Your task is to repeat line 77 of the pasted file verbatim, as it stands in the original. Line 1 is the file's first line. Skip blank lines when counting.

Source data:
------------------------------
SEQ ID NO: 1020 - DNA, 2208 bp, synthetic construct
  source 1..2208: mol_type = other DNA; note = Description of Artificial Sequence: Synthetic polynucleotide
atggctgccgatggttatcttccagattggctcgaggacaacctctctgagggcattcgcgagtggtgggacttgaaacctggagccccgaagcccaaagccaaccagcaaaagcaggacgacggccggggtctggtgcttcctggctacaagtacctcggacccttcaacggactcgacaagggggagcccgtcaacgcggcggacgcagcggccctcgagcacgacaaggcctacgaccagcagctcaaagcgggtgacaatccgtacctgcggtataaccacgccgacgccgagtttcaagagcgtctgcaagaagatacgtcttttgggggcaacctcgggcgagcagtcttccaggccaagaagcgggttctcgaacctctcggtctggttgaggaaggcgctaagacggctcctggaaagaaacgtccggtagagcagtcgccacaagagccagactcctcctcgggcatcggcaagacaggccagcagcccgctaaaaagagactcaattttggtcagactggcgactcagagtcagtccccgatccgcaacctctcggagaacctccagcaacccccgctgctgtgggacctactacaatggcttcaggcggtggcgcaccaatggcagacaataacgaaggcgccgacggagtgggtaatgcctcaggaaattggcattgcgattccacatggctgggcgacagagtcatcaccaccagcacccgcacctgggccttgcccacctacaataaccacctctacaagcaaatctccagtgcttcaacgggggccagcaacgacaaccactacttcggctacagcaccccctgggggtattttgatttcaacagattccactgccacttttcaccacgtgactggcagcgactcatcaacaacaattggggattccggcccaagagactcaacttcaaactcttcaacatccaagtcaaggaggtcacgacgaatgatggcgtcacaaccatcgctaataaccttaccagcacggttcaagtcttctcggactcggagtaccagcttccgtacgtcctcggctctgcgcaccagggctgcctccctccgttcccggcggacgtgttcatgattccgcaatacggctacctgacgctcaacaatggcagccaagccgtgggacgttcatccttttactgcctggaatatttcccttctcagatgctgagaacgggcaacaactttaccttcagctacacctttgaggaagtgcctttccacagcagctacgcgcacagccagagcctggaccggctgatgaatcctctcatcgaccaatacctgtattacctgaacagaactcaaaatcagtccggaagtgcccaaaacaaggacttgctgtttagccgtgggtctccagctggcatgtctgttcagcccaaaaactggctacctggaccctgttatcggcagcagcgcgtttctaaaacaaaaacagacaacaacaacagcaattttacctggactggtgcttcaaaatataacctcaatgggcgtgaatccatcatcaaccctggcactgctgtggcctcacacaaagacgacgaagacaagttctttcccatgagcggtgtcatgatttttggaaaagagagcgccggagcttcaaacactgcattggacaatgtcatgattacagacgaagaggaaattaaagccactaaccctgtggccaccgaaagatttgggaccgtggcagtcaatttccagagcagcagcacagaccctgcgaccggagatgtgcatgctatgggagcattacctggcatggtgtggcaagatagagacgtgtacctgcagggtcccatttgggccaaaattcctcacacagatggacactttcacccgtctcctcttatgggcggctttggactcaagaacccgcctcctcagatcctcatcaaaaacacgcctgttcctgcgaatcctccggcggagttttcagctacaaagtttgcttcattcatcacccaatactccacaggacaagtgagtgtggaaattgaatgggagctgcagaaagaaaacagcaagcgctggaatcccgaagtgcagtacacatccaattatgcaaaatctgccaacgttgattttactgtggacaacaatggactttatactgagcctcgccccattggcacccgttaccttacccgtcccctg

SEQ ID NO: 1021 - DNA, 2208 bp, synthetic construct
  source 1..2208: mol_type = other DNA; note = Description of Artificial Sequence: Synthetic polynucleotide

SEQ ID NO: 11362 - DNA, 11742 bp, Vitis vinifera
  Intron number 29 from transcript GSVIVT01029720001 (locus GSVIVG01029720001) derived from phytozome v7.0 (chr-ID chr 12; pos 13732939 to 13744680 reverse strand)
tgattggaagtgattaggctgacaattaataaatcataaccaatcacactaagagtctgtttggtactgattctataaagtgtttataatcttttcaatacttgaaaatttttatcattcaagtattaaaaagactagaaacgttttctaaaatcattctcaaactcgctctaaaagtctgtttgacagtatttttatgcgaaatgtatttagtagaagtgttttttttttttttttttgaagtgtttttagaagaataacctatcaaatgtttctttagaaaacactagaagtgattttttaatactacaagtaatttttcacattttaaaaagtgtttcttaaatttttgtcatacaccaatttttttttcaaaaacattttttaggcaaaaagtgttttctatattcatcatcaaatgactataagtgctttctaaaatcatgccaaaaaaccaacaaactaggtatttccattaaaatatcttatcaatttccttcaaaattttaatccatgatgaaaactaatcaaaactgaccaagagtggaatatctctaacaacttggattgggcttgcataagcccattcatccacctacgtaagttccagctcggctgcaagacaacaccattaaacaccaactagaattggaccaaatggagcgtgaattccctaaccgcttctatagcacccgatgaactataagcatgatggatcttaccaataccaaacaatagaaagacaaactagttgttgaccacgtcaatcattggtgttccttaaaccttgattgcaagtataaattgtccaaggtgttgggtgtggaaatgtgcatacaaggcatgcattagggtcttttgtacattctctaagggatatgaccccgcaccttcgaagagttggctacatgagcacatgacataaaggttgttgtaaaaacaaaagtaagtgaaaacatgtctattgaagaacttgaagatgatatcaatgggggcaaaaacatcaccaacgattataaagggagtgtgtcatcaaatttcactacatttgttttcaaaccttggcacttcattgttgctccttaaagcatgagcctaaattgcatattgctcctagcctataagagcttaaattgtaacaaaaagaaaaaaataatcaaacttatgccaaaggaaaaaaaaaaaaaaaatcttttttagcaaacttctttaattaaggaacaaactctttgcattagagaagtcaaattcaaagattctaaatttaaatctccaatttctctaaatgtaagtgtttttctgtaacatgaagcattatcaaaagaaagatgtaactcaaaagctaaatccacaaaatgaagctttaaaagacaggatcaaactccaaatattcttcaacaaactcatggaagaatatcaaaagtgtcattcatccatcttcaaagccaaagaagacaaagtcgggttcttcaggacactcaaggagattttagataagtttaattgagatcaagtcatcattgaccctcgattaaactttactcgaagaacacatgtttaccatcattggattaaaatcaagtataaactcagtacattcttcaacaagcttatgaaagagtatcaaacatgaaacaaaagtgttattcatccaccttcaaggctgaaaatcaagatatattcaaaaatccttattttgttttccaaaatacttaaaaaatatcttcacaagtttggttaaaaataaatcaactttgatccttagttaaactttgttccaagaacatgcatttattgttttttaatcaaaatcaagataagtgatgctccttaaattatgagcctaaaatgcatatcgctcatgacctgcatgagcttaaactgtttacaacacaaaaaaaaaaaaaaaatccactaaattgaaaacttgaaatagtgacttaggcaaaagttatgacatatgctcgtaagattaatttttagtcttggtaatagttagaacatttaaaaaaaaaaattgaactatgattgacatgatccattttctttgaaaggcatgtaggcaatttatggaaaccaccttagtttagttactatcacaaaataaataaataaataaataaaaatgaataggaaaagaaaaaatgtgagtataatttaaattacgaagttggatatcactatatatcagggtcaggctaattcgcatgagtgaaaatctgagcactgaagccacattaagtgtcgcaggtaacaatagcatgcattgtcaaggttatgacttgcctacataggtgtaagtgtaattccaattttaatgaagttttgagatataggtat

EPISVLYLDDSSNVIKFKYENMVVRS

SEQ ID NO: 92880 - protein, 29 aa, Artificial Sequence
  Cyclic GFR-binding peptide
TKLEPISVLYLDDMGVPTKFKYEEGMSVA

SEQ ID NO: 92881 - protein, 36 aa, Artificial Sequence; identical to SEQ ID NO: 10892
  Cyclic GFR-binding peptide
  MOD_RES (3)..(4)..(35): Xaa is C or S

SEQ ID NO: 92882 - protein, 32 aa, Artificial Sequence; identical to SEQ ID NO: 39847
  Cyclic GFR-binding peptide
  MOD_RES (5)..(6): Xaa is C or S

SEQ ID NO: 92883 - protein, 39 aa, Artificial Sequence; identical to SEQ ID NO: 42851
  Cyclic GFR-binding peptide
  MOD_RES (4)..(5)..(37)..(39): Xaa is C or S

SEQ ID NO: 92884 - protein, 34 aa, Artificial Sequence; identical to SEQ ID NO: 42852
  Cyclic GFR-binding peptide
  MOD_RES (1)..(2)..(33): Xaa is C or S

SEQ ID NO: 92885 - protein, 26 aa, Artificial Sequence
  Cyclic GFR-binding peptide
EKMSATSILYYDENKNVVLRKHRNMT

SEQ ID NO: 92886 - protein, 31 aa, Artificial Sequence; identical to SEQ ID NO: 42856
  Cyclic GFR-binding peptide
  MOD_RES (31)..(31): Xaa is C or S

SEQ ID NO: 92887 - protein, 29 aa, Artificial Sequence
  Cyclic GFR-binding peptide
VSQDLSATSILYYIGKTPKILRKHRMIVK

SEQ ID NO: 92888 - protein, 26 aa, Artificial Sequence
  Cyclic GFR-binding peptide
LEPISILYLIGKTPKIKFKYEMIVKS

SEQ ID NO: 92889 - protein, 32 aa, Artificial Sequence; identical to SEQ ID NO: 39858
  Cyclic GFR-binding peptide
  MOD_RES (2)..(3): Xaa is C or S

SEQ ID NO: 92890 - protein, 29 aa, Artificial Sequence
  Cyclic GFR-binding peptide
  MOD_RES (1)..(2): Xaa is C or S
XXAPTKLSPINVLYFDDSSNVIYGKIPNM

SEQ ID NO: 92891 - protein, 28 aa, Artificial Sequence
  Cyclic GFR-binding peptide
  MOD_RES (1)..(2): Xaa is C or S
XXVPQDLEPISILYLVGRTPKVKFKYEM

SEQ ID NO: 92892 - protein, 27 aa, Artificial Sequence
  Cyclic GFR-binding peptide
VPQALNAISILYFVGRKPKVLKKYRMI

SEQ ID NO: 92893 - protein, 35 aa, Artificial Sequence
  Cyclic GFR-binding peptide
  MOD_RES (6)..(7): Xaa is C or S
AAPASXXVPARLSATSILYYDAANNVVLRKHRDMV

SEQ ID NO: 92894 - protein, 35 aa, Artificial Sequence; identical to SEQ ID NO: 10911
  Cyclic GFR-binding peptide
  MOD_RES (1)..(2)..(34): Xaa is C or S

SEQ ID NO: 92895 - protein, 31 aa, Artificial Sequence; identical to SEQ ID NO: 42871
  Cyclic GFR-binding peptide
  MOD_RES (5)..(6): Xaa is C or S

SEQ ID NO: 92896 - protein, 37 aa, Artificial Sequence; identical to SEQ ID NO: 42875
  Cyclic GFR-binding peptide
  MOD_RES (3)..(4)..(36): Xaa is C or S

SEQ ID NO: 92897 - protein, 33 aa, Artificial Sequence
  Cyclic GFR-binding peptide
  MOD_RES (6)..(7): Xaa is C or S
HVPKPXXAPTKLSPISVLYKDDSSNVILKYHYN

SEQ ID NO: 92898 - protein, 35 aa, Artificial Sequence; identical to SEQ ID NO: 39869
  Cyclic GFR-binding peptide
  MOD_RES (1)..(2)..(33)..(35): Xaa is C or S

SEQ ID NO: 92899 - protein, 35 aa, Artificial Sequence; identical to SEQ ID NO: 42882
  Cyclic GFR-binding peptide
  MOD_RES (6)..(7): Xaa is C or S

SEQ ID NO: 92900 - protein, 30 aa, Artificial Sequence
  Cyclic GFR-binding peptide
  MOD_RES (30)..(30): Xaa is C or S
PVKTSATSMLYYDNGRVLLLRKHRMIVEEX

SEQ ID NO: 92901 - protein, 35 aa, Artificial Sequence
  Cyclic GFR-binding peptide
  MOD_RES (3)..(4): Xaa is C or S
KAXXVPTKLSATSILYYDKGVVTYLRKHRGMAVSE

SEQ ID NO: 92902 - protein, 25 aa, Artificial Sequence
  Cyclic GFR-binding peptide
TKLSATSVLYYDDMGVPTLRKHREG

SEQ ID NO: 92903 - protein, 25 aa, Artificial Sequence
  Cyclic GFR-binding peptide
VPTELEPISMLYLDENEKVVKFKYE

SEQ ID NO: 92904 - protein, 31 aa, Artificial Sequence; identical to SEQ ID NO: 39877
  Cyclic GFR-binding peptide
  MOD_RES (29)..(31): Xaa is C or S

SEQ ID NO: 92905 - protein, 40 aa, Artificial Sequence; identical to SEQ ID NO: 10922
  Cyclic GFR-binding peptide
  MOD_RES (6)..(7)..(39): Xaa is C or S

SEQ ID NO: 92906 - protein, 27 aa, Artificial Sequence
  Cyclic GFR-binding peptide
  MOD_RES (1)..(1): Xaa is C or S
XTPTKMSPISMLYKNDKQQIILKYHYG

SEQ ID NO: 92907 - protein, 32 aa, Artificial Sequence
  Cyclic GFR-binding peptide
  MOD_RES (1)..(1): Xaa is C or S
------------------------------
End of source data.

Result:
PVKTSATSMLYYDNGRVLLLRKHRMIVEEX